24. Marianne says:

    Just added it to my wishlist. In June I’ll add an extra sewing book to get free international delivery, isn’t that a good excuse to order two yummie books at once?

  25. Bess says:

    I can’t POSSIBLY wait until June to read this book! Thanks for the post Karen, I always love reading your blog.

  26. Bunny says:

    My husband’s work regularly took him to the garment district in the early seventies. He would describe it exactly as this book did. I wonder if the book discussed the hookers waiting for truck drivers parked on those curbs who were waiting for their loads. Then there were the teams that would engage the drivers while one jimmied the back of the tractor/trailor to steal clothing. The stories he brought home go on and on. I look forward to reading this book and thanks for the heads up!

  27. Kathy Zachry says:

    Oh, to have at least ONE decent fabric store within reach! Even the one in Tulsa, OK, closed. I’d have to drive to KC (4 hours). The book sounds just like the kind I like to read. I’ll have to watch the Nook store for it as it’s not available for pre-order there yet. Thank you for the heads up!

  28. Thanks for sharing your review, it sounds like a great read! I’ve been reading a lot of biographies lately so looking forward to getting my hands on a good novel. Will be keeping an eye out for this!

  29. Sounds so intriguing! I have just read The Seamstress a Spanish novel (you must read it) and this one will now be added to my wish list! Enjoy NY and have a bagel for me 😉

  30. kate says:

    I have never heard of this book and I have clearly got to read it… (especially as my mum had a Chanel suit which she wore for years, getting it altered as and when necessary). Thanks for the heads up!

  31. On my list! Did you notice, ladies, that sewing is ON FASHION again??? OMG, I cannot believe it! I’ve been feeling a weirdo all my life, and now I AM AN IT GIRL (sort of, jeje). Here in Spain, a book (and its TV adaptation) has put sewing on the map again (much more machine and fabric sales). So, it’s spreading! Thanks for the review, enjoy your trip to NYC and post pictures!!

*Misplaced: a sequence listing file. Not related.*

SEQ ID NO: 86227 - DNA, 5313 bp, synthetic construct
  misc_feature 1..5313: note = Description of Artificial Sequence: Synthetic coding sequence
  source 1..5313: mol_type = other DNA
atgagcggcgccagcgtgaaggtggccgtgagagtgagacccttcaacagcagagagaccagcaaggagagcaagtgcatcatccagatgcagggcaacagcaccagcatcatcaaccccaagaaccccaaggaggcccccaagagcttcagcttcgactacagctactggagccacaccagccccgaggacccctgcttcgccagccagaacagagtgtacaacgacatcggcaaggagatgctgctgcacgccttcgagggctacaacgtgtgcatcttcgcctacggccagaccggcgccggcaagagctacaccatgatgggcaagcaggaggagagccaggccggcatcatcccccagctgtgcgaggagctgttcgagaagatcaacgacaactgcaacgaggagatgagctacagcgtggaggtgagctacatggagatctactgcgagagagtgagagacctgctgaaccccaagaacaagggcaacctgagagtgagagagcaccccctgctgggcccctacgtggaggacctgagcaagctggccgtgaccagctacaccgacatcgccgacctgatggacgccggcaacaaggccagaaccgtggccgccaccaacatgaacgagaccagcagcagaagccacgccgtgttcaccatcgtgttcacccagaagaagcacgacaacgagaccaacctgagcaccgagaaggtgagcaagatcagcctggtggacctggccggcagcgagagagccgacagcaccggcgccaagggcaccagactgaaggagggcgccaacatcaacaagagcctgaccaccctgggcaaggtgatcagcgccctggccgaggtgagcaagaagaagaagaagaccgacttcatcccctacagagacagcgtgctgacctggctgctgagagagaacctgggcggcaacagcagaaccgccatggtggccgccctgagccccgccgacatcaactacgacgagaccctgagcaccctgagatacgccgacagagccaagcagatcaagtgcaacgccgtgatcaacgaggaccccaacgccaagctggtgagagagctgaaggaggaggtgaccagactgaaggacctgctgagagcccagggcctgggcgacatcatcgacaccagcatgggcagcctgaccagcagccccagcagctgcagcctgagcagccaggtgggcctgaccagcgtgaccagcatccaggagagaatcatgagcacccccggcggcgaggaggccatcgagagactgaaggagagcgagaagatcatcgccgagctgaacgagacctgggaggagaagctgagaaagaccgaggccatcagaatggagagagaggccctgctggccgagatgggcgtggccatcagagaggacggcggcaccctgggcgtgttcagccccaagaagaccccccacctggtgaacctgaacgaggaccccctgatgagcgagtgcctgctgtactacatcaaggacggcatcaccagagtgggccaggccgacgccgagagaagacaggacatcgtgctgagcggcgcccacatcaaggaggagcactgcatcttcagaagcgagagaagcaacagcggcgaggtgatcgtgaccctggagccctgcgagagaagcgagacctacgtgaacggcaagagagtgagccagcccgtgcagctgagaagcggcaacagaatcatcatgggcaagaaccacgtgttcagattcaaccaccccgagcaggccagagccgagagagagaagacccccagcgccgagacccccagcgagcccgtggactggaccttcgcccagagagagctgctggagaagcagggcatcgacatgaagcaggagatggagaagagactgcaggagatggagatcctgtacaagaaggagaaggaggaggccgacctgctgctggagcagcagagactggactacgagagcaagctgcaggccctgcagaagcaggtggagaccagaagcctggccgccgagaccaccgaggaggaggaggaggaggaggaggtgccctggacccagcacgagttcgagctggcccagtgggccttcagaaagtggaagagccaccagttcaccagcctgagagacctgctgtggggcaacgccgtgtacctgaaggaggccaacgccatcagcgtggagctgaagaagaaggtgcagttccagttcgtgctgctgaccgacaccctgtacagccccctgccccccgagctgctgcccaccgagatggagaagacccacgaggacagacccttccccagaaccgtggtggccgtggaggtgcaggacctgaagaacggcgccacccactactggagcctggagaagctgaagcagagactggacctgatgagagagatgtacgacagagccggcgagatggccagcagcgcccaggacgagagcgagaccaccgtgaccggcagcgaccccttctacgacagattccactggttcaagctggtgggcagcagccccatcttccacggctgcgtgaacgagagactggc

32. Melanie says:

    Sounds intriguing. “Baby Sister” by Marilyn Sachs did the same for me when I was a kid. I loved reading about Penny as she learned to sew, as she discovered the heady world of fabric and the thrill of the make. It was part of the reason I signed up for a night school course in sewing at the tender age of 13. Maybe “The Pink Suit” will send me off to couture college.

  33. tinygoldenpins says:

    Do you work at the publisher and have an advance review? I’m so curious. You must be having such a wonderful time being in the place of the novel as you’re reading it. NYC in the late 60s/early 70s was my coming of age city and I can smell it and feel it through your post. I’m really jazzed to read the book; unfortunately, the U.S. cover does not have Jackie on it and is a bit garish. It shows the suit on a dress form on a whitish background. Too bad — it looks more like chick lit than the UK cover. I don’t like that….maybe I’ll order the UK copy.

  34. Laura says:

    thanks for the review! there are so few novels featuring sewist/dressmakers. I have a copy of “The Midnight Dress” (which, ironically, I picked up secondhand) but am yet to read it. I’m in Australia too – maybe I’ll be able to get “The Pink Suit” on kindle 🙂

  35. Next time you’re in New York, do look me up–perhaps you might like visiting my studio?

  36. Lori says:

    Loved The Pink Suit. Especially reading about the process of backing the boucle with hand quilted silk!